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White charlock
white chip
white chocolate
white Christmas
white cinnamon
white cinnamon tree
white clover
white cockle
white cohosh
white collar
White copper
White copperas
White coral
white corpuscle
white crappie
white croaker
White crop
white currant
white cypress
white cypress pine
white daisy
white dammar
White damp
white dead nettle
white dipladenia
white dog's-tooth violet
white dogtooth violet
white Dutch clover
white dwarf
white dwarf star

White cricket definitions

Webster's 1913 Dictionary

White White, a. [Compar. Whiter; superl. Whitest.] [OE. whit, AS. hw?t; akin to OFries. and OS. hw[=i]t, D. wit, G. weiss, OHG. w[=i]z, hw[=i]z, Icel. hv[=i]tr, Sw. hvit, Dan. hvid, Goth. hweits, Lith. szveisti, to make bright, Russ. sviet' light, Skr. ?v?ta white, ?vit to be bright. ???. Cf. Wheat, Whitsunday.] 1. Reflecting to the eye all the rays of the spectrum combined; not tinted with any of the proper colors or their mixtures; having the color of pure snow; snowy; -- the opposite of black or dark; as, white paper; a white skin. ``Pearls white.'' --Chaucer. White as the whitest lily on a stream. --Longfellow. 2. Destitute of color, as in the cheeks, or of the tinge of blood color; pale; pallid; as, white with fear. Or whispering with white lips, ``The foe! They come! they come!'' --Byron. 3. Having the color of purity; free from spot or blemish, or from guilt or pollution; innocent; pure. White as thy fame, and as thy honor clear. --Dryden. No whiter page than Addison's remains. --Pope. 4. Gray, as from age; having silvery hair; hoary. Your high engendered battles 'gainst a head So old and white as this. --Shak. 5. Characterized by freedom from that which disturbs, and the like; fortunate; happy; favorable. On the whole, however, the dominie reckoned this as one of the white days of his life. --Sir W. Scott. 6. Regarded with especial favor; favorite; darling. Come forth, my white spouse. --Chaucer. I am his white boy, and will not be gullet. --Ford. Note: White is used in many self-explaining compounds, as white-backed, white-bearded, white-footed. White alder. (Bot.) See Sweet pepper bush, under Pepper. White ant (Zo["o]l.), any one of numerous species of social pseudoneuropterous insects of the genus Termes. These insects are very abundant in tropical countries, and form large and complex communities consisting of numerous asexual workers of one or more kinds, of large-headed asexual individuals called soldiers, of one or more queens (or fertile females) often having the body enormously distended by the eggs, and, at certain seasons of numerous winged males, together with the larv[ae] and pup[ae] of each kind in various stages of development. Many of the species construct large and complicated nests, sometimes in the form of domelike structures rising several feet above the ground and connected with extensive subterranean galleries and chambers. In their social habits they closely resemble the true ants. They feed upon animal and vegetable substances of various kinds, including timber, and are often very destructive to buildings and furniture. White arsenic (Chem.), arsenious oxide, As2O3, a substance of a white color, and vitreous adamantine luster, having an astringent, sweetish taste. It is a deadly poison. White bass (Zo["o]l.), a fresh-water North American bass (Roccus chrysops) found in the Great Likes. White bear (Zo["o]l.), the polar bear. See under Polar. White blood cell. (Physiol.) See Leucocyte. White brand (Zo["o]l.), the snow goose. White brass, a white alloy of copper; white copper. White campion. (Bot.) (a) A kind of catchfly (Silene stellata) with white flowers. (b) A white-flowered Lychnis (Lychnis vespertina). White canon (R. C. Ch.), a Premonstratensian. White caps, the members of a secret organization in various of the United States, who attempt to drive away or reform obnoxious persons by lynch-law methods. They appear masked in white. White cedar (Bot.), an evergreen tree of North America (Thuja occidentalis), also the related Cupressus thyoides, or Cham[ae]cyparis sph[ae]roidea, a slender evergreen conifer which grows in the so-called cedar swamps of the Northern and Atlantic States. Both are much valued for their durable timber. In California the name is given to the Libocedrus decurrens, the timber of which is also useful, though often subject to dry rot. --Goodale. The white cedar of Demerara, Guiana, etc., is a lofty tree (Icica, or Bursera, altissima) whose fragrant wood is used for canoes and cabinetwork, as it is not attacked by insect. White cell. (Physiol.) See Leucocyte. White cell-blood (Med.), leucocyth[ae]mia. White clover (Bot.), a species of small perennial clover bearing white flowers. It furnishes excellent food for cattle and horses, as well as for the honeybee. See also under Clover. White copper, a whitish alloy of copper. See German silver, under German. White copperas (Min.), a native hydrous sulphate of iron; coquimbite. White coral (Zo["o]l.), an ornamental branched coral (Amphihelia oculata) native of the Mediterranean. White corpuscle. (Physiol.) See Leucocyte. White cricket (Zo["o]l.), the tree cricket. White crop, a crop of grain which loses its green color, or becomes white, in ripening, as wheat, rye, barley, and oats, as distinguished from a green crop, or a root crop. White currant (Bot.), a variety of the common red currant, having white berries. White daisy (Bot.), the oxeye daisy. See under Daisy. White damp, a kind of poisonous gas encountered in coal mines. --Raymond. White elephant (Zo["o]l.), a whitish, or albino, variety of the Asiatic elephant.

Webster's 1913 Dictionary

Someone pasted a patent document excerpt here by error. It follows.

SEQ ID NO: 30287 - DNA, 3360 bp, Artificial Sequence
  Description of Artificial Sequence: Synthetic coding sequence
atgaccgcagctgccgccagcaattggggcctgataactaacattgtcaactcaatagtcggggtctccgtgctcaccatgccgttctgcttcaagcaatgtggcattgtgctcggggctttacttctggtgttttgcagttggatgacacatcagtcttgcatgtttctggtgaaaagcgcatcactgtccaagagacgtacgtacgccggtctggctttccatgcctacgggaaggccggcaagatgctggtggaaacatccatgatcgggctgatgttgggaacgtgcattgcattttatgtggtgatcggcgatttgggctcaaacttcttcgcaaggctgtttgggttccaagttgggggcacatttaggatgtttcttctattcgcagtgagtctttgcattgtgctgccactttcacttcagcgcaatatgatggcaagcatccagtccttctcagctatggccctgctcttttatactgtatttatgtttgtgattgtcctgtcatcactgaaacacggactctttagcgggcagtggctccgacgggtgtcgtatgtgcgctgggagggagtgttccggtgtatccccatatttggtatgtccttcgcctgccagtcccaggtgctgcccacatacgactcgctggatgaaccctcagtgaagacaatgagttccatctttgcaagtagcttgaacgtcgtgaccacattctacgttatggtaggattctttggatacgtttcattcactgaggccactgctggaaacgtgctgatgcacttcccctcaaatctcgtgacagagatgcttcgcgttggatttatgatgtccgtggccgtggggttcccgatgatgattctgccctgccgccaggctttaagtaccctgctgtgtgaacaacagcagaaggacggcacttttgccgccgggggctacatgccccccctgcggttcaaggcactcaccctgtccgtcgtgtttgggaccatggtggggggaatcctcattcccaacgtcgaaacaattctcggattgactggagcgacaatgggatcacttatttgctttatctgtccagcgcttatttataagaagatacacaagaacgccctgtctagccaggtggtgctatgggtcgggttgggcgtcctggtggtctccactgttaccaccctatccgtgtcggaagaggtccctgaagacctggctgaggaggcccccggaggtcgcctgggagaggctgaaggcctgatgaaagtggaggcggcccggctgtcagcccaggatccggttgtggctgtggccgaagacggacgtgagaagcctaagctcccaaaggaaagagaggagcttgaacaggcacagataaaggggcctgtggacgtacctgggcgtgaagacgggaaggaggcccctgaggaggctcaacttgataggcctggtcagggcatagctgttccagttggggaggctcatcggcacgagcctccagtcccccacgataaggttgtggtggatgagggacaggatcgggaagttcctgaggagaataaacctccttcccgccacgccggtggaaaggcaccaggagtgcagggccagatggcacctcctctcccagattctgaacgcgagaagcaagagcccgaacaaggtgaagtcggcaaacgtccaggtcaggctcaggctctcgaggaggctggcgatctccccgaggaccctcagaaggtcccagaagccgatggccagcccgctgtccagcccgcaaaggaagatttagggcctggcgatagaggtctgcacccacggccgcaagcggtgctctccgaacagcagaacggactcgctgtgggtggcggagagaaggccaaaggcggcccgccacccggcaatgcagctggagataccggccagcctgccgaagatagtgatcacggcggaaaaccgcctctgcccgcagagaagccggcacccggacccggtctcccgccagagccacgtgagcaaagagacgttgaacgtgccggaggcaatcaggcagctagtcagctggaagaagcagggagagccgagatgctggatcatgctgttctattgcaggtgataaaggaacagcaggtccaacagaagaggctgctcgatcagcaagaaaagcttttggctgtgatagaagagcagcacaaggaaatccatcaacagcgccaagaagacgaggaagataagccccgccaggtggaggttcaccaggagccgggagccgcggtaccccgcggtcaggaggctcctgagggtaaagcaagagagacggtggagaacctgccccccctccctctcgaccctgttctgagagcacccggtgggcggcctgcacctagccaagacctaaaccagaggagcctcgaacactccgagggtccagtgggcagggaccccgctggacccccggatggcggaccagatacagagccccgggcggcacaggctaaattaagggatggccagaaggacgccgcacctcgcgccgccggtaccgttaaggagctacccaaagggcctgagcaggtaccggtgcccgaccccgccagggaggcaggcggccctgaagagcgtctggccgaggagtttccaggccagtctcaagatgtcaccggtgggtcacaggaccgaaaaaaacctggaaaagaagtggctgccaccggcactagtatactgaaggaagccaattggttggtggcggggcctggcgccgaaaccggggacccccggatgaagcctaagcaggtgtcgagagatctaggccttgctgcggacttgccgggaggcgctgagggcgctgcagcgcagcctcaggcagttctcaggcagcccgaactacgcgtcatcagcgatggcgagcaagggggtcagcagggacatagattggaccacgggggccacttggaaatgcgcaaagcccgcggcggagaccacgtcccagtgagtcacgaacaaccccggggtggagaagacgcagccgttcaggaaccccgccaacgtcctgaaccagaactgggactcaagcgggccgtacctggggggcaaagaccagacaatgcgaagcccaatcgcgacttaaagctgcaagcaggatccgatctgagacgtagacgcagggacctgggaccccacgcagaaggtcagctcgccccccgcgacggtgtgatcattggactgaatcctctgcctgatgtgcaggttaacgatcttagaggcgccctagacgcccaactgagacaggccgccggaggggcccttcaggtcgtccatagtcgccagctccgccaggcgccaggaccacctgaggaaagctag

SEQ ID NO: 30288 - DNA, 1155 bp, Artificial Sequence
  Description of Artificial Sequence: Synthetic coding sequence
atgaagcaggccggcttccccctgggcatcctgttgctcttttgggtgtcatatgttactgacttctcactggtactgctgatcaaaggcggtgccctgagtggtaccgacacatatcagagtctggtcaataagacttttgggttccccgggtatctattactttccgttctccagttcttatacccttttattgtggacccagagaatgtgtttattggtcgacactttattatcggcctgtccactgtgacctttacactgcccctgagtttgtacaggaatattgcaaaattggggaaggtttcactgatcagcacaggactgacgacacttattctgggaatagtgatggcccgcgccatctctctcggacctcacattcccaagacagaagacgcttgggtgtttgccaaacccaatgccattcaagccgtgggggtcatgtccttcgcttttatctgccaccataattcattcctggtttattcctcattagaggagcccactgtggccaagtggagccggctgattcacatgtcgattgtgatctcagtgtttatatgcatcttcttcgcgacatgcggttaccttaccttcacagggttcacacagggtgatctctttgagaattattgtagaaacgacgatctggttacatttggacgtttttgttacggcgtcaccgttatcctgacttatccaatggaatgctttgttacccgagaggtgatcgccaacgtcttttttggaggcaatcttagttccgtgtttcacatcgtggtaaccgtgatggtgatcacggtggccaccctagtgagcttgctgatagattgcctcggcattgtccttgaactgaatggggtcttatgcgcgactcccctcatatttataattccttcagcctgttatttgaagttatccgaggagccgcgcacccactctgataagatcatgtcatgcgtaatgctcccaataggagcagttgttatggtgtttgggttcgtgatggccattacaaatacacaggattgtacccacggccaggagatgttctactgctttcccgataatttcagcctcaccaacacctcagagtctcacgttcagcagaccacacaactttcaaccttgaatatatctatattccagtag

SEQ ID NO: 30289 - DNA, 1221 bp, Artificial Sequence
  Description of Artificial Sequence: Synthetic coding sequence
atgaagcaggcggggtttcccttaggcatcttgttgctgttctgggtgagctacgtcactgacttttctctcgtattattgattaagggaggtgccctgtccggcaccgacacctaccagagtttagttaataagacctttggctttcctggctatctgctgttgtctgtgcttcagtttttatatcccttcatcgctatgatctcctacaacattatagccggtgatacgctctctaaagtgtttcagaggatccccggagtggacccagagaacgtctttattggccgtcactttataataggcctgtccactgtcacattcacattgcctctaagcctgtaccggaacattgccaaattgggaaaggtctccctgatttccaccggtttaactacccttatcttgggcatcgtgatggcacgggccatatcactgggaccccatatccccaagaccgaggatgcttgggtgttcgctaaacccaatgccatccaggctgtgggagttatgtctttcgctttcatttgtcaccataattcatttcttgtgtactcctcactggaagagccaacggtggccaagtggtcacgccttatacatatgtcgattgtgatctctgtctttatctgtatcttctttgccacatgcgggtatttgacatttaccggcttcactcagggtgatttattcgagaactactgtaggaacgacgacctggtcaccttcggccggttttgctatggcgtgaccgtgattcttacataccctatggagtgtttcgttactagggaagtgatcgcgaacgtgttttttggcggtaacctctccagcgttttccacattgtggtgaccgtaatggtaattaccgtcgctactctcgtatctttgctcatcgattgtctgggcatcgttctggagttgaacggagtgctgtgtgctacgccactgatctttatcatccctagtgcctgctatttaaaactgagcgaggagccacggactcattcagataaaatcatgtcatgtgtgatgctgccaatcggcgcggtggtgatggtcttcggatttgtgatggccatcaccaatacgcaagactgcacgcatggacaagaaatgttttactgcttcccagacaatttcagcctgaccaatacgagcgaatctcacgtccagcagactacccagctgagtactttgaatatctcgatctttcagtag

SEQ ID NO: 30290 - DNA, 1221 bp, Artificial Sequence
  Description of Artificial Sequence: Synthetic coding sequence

Tree Tree (tr[=e]), n. [OE. tree, tre, treo, AS. tre['o], tre['o]w, tree, wood; akin to OFries. tr[=e], OS. treo, trio, Icel. tr[=e], Dan. tr[ae], Sw. tr["a], tr["a]d, Goth. triu, Russ. drevo, W. derw an oak, Ir. darag, darog, Gr. dry^s a tree, oak, do`ry a beam, spear shaft, spear, Skr. dru tree, wood, d[=a]ru wood. [root]63, 241. Cf. Dryad, Germander, Tar, n., Trough.] 1. (Bot.) Any perennial woody plant of considerable size (usually over twenty feet high) and growing with a single trunk. Note: The kind of tree referred to, in any particular case, is often indicated by a modifying word; as forest tree, fruit tree, palm tree, apple tree, pear tree, etc. 2. Something constructed in the form of, or considered as resembling, a tree, consisting of a stem, or stock, and branches; as, a genealogical tree. 3. A piece of timber, or something commonly made of timber; -- used in composition, as in axletree, boottree, chesstree, crosstree, whiffletree, and the like. 4. A cross or gallows; as Tyburn tree. [Jesus] whom they slew and hanged on a tree. --Acts x. 39. 5. Wood; timber. [Obs.] --Chaucer. In a great house ben not only vessels of gold and of silver but also of tree and of earth. --Wyclif (2 Tim. ii. 20). 6. (Chem.) A mass of crystals, aggregated in arborescent forms, obtained by precipitation of a metal from solution. See Lead tree, under Lead. Tree bear (Zo["o]l.), the raccoon. [Local, U. S.] Tree beetle (Zo["o]l.) any one of numerous species of beetles which feed on the leaves of trees and shrubs, as the May beetles, the rose beetle, the rose chafer, and the goldsmith beetle. Tree bug (Zo["o]l.), any one of numerous species of hemipterous insects which live upon, and suck the sap of, trees and shrubs. They belong to Arma, Pentatoma, Rhaphigaster, and allied genera. Tree cat (Zool.), the common paradoxure (Paradoxurus musang). Tree clover (Bot.), a tall kind of melilot (Melilotus alba). See Melilot. Tree crab (Zo["o]l.), the purse crab. See under Purse. Tree creeper (Zo["o]l.), any one of numerous species of arboreal creepers belonging to Certhia, Climacteris, and allied genera. See Creeper, 3. Tree cricket (Zo["o]l.), a nearly white arboreal American cricket (Ecanthus niv[oe]us) which is noted for its loud stridulation; -- called also white cricket. Tree crow (Zo["o]l.), any one of several species of Old World crows belonging to Crypsirhina and allied genera, intermediate between the true crows and the jays. The tail is long, and the bill is curved and without a tooth. Tree dove (Zo["o]l.) any one of several species of East Indian and Asiatic doves belonging to Macropygia and allied genera. They have long and broad tails, are chiefly arboreal in their habits, and feed mainly on fruit. Tree duck (Zo["o]l.), any one of several species of ducks belonging to Dendrocygna and allied genera. These ducks have a long and slender neck and a long hind toe. They are arboreal in their habits, and are found in the tropical parts of America, Africa, Asia, and Australia. Tree fern (Bot.), an arborescent fern having a straight trunk, sometimes twenty or twenty-five feet high, or even higher, and bearing a cluster of fronds at the top. Most of the existing species are tropical. Tree fish (Zo["o]l.), a California market fish (Sebastichthys serriceps). Tree frog. (Zo["o]l.) (a) Same as Tree toad. (b) Any one of numerous species of Old World frogs belonging to Chiromantis, Rhacophorus, and allied genera of the family Ranid[ae]. Their toes are furnished with suckers for adhesion. The flying frog (see under Flying) is an example. Tree goose (Zo["o]l.), the bernicle goose. Tree hopper (Zo["o]l.), any one of numerous species of small leaping hemipterous insects which live chiefly on the branches and twigs of trees, and injure them by sucking the sap. Many of them are very odd in shape, the prothorax being often prolonged upward or forward in the form of a spine or crest. Tree jobber (Zo["o]l.), a woodpecker. [Obs.] Tree kangaroo. (Zo["o]l.) See Kangaroo. Tree lark (Zo["o]l.), the tree pipit. [Prov. Eng.] Tree lizard (Zo["o]l.), any one of a group of Old World arboreal lizards (Dendrosauria) comprising the chameleons. Tree lobster. (Zo["o]l.) Same as Tree crab, above. Tree louse (Zo["o]l.), any aphid; a plant louse. Tree moss. (Bot.) (a) Any moss or lichen growing on trees. (b) Any species of moss in the form of a miniature tree. Tree mouse (Zo["o]l.), any one of several species of African mice of the subfamily Dendromyin[ae]. They have long claws and habitually live in trees. Tree nymph, a wood nymph. See Dryad. Tree of a saddle, a saddle frame. Tree of heaven (Bot.), an ornamental tree (Ailantus glandulosus) having long, handsome pinnate leaves, and greenish flowers of a disagreeable odor. Tree of life (Bot.), a tree of the genus Thuja; arbor vit[ae]. Tree onion (Bot.), a species of garlic (Allium proliferum) which produces bulbs in place of flowers, or among its flowers. Tree oyster (Zo["o]l.), a small American oyster (Ostrea folium) which adheres to the roots of the mangrove tree; -- called also raccoon oyster. Tree pie (Zo["o]l.), any species of Asiatic birds of the genus Dendrocitta. The tree pies are allied to the magpie. Tree pigeon (Zo["o]l.), any one of numerous species of longwinged arboreal pigeons native of Asia, Africa, and Australia, and belonging to Megaloprepia, Carpophaga, and allied genera. Tree pipit. (Zo["o]l.) See under Pipit. Tree porcupine (Zo["o]l.), any one of several species of Central and South American arboreal porcupines belonging to the genera Ch[ae]tomys and Sphingurus. They have an elongated and somewhat prehensile tail, only four toes on the hind feet, and a body covered with short spines mixed with bristles. One South American species (S. villosus) is called also couiy; another (S. prehensilis) is called also c[oe]ndou. Tree rat (Zo["o]l.), any one of several species of large ratlike West Indian rodents belonging to the genera Capromys and Plagiodon. They are allied to the porcupines. Tree serpent (Zo["o]l.), a tree snake. Tree shrike (Zo["o]l.), a bush shrike. Tree snake (Zo["o]l.), any one of numerous species of snakes of the genus Dendrophis. They live chiefly among the branches of trees, and are not venomous. Tree sorrel (Bot.), a kind of sorrel (Rumex Lunaria) which attains the stature of a small tree, and bears greenish flowers. It is found in the Canary Islands and Teneriffe. Tree sparrow (Zo["o]l.) any one of several species of small arboreal sparrows, especially the American tree sparrow (Spizella monticola), and the common European species (Passer montanus). Tree swallow (Zo["o]l.), any one of several species of swallows of the genus Hylochelidon which lay their eggs in holes in dead trees. They inhabit Australia and adjacent regions. Called also martin in Australia. Tree swift (Zo["o]l.), any one of several species of swifts of the genus Dendrochelidon which inhabit the East Indies and Southern Asia. Tree tiger (Zo["o]l.), a leopard. Tree toad (Zo["o]l.), any one of numerous species of amphibians belonging to Hyla and allied genera of the family Hylid[ae]. They are related to the common frogs and toads, but have the tips of the toes expanded into suckers by means of which they cling to the bark and leaves of trees. Only one species (Hyla arborea) is found in Europe, but numerous species occur in America and Australia. The common tree toad of the Northern United States (H. versicolor) is noted for the facility with which it changes its colors. Called also tree frog. See also Piping frog, under Piping, and Cricket frog, under Cricket. Tree warbler (Zo["o]l.), any one of several species of arboreal warblers belonging to Phylloscopus and allied genera. Tree wool (Bot.), a fine fiber obtained from the leaves of pine trees.